It consists entirely of the proceedings of an international conference held near Madrid in 1994 on cognition and instruction in history, and is guest edited by James Voss and Mario Carretero.
Learning and Reasoning in History is divided into four sections. The first is especially concerned with a central matter in contemporary debate about history ‑historical narrative. Its five chapters discuss the nature of narrative, the impact of official and unofficial histories on students, and history and identity. The four chapters in Section II examine students' understanding and use of texts and sources in history, including the way in which such texts are used in facing historical controversies. Section III consists of five chapters on students' explanations in history, dealing with both causal and intentional explanation. Finally, the six chapters in Section IV are concerned with the teaching of history, and with students' understanding of some important substantive concepts.
The range and quality of the contributions, many from eminent researchers in the field, and the importance of the issues they discuss, make this book an indispensable tool for anyone interested in history education or cognitive psychology.James E Voss is Professor of Psychology and of Political Science and Senior Scientist and former Associate Director of the Learning Research and Development Center, University of Pittsburgh. He has published over 125 articles and co‑edited a volume entitled Informal Reasoning and Education; he is also co‑editor of a forthcoming volume Problem Representation in Foreign Policy Decision Making. He has a long‑standing interest in the field of learning, and how prior knowledge and racial factors influence learning; more recently he has been studying problem-solving and argumentation in history and political science, as well as the role of narrative in argumentation.
Michael Allin is a writer who lives in East Hampton, New York. This is his first book.
THE SCENTS OF EDEN by Charles Corn ($27.00, hardcover, 352 pages,Kodansha, ISBN: 1568362021) Clothed in mystery and lost in uncharted seas, the Spice Islands of the early sixteenth century tantalized European imagination to the point of obsession. Nestled in the waters of the eastern Malay Archipelago, these legendary islands (also known as the Moluccas) were once thought to be the site of the Garden of Eden. As the only place on Earth where grew the "holy trinity" of spicescloves, nutmeg, and mace these minuscule islands quickly became a wellspring of international intrigue and personal fortune, occasioning the rise and fall of nations across the globe. It is the history of these islands, their mystique, and their impact on a growing world economy, that is the fascinating bounty of THE SCENTS OF EDEN.
Long coveted for their scents and tastes but most importantly for their preservative qualities, spices were first made available in Europe only by Arab traders. Increasing in value each time they changed hands, the spices sold at extortionate prices, and the islands soon became the focal point of Western interest and control. In 1511 the Portuguese set off for the islands, resolving to annex the Moluccas to their extended empire, in defiance of Spain’s similar claim. England and Holland soon joined the hunt, each nation vying for control of the spice trade with its own East India Company. Later, after the American Revolution, traders out of Massachusetts entered the fray, and the spice trade produced the young republic’s first millionaires.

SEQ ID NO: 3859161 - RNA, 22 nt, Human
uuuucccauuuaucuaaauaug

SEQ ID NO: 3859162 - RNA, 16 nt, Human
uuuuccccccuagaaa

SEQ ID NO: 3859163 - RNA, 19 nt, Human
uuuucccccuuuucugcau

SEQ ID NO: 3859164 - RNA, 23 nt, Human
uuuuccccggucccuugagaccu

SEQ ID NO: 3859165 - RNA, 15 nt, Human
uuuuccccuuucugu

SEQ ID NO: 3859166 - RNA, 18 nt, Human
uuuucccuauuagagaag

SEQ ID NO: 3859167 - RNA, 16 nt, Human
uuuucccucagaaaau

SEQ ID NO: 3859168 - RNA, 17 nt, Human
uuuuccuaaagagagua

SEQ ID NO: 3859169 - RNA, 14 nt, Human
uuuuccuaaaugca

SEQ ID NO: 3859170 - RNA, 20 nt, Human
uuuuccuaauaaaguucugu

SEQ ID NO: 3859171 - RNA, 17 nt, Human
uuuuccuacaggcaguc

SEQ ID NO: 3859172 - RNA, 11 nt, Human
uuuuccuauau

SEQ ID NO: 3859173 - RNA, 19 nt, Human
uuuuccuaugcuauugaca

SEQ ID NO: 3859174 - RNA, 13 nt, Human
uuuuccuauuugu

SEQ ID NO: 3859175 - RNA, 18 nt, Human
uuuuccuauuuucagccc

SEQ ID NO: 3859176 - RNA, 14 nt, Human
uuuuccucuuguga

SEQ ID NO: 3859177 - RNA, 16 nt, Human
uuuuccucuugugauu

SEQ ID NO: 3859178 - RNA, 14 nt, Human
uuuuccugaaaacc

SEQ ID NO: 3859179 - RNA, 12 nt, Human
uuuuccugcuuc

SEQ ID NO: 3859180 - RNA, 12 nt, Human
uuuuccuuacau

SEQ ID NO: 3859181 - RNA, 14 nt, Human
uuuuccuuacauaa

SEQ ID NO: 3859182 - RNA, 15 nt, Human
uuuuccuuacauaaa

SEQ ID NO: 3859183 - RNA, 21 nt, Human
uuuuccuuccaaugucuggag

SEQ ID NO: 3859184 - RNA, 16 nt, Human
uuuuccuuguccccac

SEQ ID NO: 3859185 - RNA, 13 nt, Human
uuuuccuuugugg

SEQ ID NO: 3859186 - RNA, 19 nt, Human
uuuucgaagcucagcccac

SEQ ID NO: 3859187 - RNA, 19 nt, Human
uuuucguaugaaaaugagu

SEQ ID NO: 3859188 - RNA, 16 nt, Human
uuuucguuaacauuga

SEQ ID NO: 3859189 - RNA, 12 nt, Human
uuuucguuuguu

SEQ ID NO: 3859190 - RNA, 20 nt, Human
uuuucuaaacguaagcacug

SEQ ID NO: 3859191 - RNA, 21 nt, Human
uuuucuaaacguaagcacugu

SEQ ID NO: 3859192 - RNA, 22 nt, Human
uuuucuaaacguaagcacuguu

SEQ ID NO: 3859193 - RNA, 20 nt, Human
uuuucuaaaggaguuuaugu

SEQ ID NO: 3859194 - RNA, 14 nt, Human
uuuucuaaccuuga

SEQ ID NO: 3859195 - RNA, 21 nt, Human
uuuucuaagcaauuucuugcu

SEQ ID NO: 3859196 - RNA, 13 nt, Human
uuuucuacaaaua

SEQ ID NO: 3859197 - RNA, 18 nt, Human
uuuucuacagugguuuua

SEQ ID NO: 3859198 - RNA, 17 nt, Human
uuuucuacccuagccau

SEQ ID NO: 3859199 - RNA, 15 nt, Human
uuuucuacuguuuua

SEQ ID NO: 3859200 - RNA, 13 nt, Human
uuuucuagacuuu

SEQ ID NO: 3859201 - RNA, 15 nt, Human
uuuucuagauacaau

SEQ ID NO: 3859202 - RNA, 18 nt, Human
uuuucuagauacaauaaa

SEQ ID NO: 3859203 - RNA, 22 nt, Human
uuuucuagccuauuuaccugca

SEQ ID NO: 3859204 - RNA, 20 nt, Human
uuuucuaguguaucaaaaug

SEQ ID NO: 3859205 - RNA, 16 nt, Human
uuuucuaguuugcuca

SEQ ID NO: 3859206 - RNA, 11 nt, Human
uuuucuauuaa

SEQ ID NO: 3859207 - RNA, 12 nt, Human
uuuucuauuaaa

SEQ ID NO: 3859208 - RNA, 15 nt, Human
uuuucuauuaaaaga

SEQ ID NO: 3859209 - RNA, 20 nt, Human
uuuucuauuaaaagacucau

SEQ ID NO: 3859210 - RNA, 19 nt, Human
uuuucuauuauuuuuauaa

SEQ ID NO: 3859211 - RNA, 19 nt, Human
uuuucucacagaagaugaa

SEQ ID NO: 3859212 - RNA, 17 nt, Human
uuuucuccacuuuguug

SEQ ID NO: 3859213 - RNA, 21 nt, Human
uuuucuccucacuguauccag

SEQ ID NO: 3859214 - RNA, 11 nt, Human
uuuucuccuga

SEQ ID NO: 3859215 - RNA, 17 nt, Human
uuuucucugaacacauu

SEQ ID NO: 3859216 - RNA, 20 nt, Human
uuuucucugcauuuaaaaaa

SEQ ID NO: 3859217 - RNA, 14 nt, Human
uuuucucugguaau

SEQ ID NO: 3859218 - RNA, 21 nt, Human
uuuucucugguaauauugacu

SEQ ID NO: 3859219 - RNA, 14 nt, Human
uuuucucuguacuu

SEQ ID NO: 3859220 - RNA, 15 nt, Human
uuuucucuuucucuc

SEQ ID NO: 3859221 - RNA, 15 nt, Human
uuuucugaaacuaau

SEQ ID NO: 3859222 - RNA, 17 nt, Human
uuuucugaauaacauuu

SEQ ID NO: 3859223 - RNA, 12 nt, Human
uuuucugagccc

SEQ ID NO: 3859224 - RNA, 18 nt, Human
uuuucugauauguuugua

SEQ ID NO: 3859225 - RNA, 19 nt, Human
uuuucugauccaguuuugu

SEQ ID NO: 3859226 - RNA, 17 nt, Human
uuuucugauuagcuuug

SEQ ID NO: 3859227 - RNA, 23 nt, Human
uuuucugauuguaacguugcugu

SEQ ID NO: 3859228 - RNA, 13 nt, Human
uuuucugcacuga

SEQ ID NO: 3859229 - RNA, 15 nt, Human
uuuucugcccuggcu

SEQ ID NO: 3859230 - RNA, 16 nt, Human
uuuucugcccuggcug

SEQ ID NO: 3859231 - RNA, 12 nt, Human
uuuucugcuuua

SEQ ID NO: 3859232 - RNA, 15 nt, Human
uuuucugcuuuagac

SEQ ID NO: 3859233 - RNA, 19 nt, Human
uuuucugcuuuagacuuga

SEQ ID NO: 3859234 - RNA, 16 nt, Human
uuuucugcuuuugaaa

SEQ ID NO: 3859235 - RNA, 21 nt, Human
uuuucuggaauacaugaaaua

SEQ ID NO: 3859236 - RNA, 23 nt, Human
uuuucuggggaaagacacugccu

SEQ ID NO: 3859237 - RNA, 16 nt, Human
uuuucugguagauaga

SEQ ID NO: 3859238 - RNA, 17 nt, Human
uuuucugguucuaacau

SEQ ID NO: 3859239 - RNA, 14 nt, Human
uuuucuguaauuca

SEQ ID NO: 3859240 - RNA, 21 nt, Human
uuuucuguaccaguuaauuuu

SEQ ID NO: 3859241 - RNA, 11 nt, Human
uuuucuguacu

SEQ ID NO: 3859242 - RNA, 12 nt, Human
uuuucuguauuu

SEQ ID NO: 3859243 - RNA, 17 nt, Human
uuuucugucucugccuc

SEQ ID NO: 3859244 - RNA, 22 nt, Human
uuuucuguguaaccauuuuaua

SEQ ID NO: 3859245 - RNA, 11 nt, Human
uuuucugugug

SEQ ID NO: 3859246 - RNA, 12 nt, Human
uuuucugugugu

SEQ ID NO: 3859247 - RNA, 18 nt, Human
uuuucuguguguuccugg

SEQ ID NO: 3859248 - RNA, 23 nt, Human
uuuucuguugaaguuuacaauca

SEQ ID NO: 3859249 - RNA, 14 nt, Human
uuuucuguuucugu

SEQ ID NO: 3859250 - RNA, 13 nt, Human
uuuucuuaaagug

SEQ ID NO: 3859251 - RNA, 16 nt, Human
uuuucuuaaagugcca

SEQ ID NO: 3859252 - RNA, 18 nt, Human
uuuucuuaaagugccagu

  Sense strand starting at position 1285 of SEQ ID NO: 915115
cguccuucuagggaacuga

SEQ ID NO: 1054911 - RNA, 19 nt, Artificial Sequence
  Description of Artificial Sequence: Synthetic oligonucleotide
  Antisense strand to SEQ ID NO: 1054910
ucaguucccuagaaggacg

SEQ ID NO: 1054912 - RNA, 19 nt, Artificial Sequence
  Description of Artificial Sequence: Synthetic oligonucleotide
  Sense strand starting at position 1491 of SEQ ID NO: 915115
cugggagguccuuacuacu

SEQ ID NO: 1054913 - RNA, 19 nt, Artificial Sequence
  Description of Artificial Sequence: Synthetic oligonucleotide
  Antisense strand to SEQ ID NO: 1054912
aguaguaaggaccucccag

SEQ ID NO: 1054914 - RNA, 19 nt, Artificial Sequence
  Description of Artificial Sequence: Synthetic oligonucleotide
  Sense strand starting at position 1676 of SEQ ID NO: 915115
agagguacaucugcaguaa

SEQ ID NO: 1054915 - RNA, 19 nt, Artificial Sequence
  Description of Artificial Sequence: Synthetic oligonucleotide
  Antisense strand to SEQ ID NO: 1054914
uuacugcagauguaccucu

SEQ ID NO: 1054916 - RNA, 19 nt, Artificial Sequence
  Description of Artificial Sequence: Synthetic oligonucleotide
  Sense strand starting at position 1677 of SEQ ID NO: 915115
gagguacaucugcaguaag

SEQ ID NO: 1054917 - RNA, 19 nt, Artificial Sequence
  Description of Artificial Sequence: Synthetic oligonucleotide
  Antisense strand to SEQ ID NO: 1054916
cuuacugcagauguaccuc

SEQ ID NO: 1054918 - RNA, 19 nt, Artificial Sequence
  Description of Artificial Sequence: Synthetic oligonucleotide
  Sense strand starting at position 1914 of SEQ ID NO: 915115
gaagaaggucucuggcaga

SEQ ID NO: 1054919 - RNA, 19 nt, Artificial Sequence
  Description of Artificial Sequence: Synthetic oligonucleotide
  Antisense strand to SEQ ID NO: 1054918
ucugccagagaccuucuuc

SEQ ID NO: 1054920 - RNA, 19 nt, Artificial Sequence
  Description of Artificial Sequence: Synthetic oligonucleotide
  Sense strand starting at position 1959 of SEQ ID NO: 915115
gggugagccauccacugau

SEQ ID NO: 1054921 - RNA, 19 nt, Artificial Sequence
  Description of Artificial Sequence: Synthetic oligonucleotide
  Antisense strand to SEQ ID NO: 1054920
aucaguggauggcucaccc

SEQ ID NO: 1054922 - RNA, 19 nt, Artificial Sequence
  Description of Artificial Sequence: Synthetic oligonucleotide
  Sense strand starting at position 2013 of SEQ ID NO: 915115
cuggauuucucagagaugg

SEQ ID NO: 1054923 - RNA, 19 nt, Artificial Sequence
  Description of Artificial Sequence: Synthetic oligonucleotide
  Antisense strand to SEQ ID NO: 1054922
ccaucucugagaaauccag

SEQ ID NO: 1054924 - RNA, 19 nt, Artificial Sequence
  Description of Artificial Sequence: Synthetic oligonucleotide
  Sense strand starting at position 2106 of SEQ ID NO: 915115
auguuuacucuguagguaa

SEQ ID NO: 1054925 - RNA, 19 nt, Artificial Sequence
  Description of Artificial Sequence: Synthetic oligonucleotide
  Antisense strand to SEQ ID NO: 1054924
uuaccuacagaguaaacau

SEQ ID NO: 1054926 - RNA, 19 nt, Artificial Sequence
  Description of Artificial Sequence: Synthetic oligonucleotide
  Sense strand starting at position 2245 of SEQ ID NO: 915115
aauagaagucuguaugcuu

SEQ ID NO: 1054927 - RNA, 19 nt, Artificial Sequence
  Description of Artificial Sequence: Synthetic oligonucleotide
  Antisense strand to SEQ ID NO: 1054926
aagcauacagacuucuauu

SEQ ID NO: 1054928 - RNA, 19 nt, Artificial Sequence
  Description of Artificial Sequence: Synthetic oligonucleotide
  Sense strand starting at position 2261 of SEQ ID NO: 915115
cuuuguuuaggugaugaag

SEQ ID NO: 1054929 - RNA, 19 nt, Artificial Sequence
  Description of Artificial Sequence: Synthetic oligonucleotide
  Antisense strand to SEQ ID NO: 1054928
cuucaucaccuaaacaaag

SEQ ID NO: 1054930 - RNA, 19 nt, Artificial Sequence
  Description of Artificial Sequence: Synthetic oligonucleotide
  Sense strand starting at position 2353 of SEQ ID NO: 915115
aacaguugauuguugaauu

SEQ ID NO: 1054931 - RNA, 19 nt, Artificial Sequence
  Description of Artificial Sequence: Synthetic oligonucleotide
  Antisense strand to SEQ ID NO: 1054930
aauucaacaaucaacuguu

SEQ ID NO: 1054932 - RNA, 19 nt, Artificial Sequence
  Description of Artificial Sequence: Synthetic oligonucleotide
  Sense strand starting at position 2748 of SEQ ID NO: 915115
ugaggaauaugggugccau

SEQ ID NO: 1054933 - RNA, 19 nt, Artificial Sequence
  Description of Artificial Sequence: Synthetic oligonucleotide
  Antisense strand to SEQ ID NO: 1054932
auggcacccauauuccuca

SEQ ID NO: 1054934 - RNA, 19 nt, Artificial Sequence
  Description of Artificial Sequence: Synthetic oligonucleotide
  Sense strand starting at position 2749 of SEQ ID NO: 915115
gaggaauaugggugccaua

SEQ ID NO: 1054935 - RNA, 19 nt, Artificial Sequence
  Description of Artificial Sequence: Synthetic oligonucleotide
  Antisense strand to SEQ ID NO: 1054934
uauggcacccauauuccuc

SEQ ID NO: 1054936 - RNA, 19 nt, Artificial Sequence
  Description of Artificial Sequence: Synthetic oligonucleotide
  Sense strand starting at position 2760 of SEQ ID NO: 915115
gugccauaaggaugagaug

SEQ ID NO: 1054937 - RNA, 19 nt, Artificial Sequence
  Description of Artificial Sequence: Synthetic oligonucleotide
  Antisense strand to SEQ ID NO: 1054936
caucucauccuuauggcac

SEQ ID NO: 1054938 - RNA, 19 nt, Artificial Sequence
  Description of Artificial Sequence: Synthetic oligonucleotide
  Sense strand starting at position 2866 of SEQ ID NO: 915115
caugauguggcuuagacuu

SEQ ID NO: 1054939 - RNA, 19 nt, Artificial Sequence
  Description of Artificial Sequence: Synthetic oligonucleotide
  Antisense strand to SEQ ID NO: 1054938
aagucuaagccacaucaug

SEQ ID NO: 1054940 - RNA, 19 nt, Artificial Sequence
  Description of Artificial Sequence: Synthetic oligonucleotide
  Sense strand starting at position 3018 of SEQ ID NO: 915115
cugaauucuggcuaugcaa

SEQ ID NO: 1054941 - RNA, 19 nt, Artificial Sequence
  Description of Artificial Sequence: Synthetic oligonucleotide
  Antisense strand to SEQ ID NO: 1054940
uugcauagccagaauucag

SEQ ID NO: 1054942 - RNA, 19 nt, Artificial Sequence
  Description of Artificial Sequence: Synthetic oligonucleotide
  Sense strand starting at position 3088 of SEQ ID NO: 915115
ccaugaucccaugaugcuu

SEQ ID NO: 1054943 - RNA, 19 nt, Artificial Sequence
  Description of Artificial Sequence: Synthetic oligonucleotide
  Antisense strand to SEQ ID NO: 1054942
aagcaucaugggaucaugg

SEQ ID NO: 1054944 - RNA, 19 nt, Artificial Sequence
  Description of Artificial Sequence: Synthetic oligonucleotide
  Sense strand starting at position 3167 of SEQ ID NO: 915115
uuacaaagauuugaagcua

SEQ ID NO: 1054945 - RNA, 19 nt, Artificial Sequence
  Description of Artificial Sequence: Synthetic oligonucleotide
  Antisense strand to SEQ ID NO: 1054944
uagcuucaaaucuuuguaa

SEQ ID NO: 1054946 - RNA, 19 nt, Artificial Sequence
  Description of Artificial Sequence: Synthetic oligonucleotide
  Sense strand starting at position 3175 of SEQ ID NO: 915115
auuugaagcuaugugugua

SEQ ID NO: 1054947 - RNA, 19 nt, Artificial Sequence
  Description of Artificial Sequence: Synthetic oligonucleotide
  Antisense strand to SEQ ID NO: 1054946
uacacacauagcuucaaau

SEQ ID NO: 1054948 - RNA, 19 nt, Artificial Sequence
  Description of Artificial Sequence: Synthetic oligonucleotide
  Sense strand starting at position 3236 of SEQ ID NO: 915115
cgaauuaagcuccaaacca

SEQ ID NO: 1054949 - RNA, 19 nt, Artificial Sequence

THE SCENTS OF EDEN regales us with memorable tales of corrupt European adventurers and enigmatic island rulers; with explosive battles fought between islanders, explorers, and pirates; with deadly sea voyages and with some of the most colorful characters in history. It brings to life men like Ferdinand MaRellan, who in 1519 embarked would shrink the world; Jan Pieterzsoon Coen, the ruthless, cruel governor-general of the Dutch East Indies, who ordered a wholesale slaughter of islanders to maintain Holland’s spice monopoly; Pierre Poivre, the French smuggler of clove and nutmeg seedlings whose acts altered the balance of power of European nations; and erect, blue jacketed Jonathan Carnes, the Yankee trader who in 1797 brought the first great wealth to a modest New England port.
Drawn from first person accounts and contemporary books and journals, THE SCENTS OF EDEN spans four centuries, weaving an intricate story set on a global stage. Arrayed with famous and obscure, noble and venal players alike, the narrative is a fascinating story and a magnificent epic.
THE NAZIS: A Warning from History by Laurence Rees ($25.00, hardcover, 256 pages, New Press, ISBN: 1565844459)
"It may be that in the eyes of God all historical epochs are of equal importance but, in the eyes of mortals, the Nazi era has a unique place. Nazism cannot be regarded with detachment or seen as simply the arena for scholarly debates. Its history belongs to all of us. Its lessons should be heeded by all of us." From the foreword by Ian Kershaw
Laurence Rees’s new book THE NAZIS creates a new perspective on the history of the Holocaust by combining archival material, which was previously unavailable before the fall of the Soviet Union, with an oral history. Rees offers a description of the entire evolution of the ruthlessly efficient slaughter of the Jews in Germany, instead of the more simplistic view of the final few years that is so often depicted. He also presents this history in a very personal way, making extensive use of interviews with those who participated in the Holocaust as both villains and victims. The individual stories include those of a Lithuanian soldier who shot five hundred people and then went to lunch, the anguished sister of a ten-year-old retarded boy "selected for immunization injection" (a fatal dose of morphine) at a children’s hospital specializing in the "treatment" of disabled children. This volume provides an introduction to the moral and social problems that created THE NAZIS to a generation that has too easily not heard or believed these stories.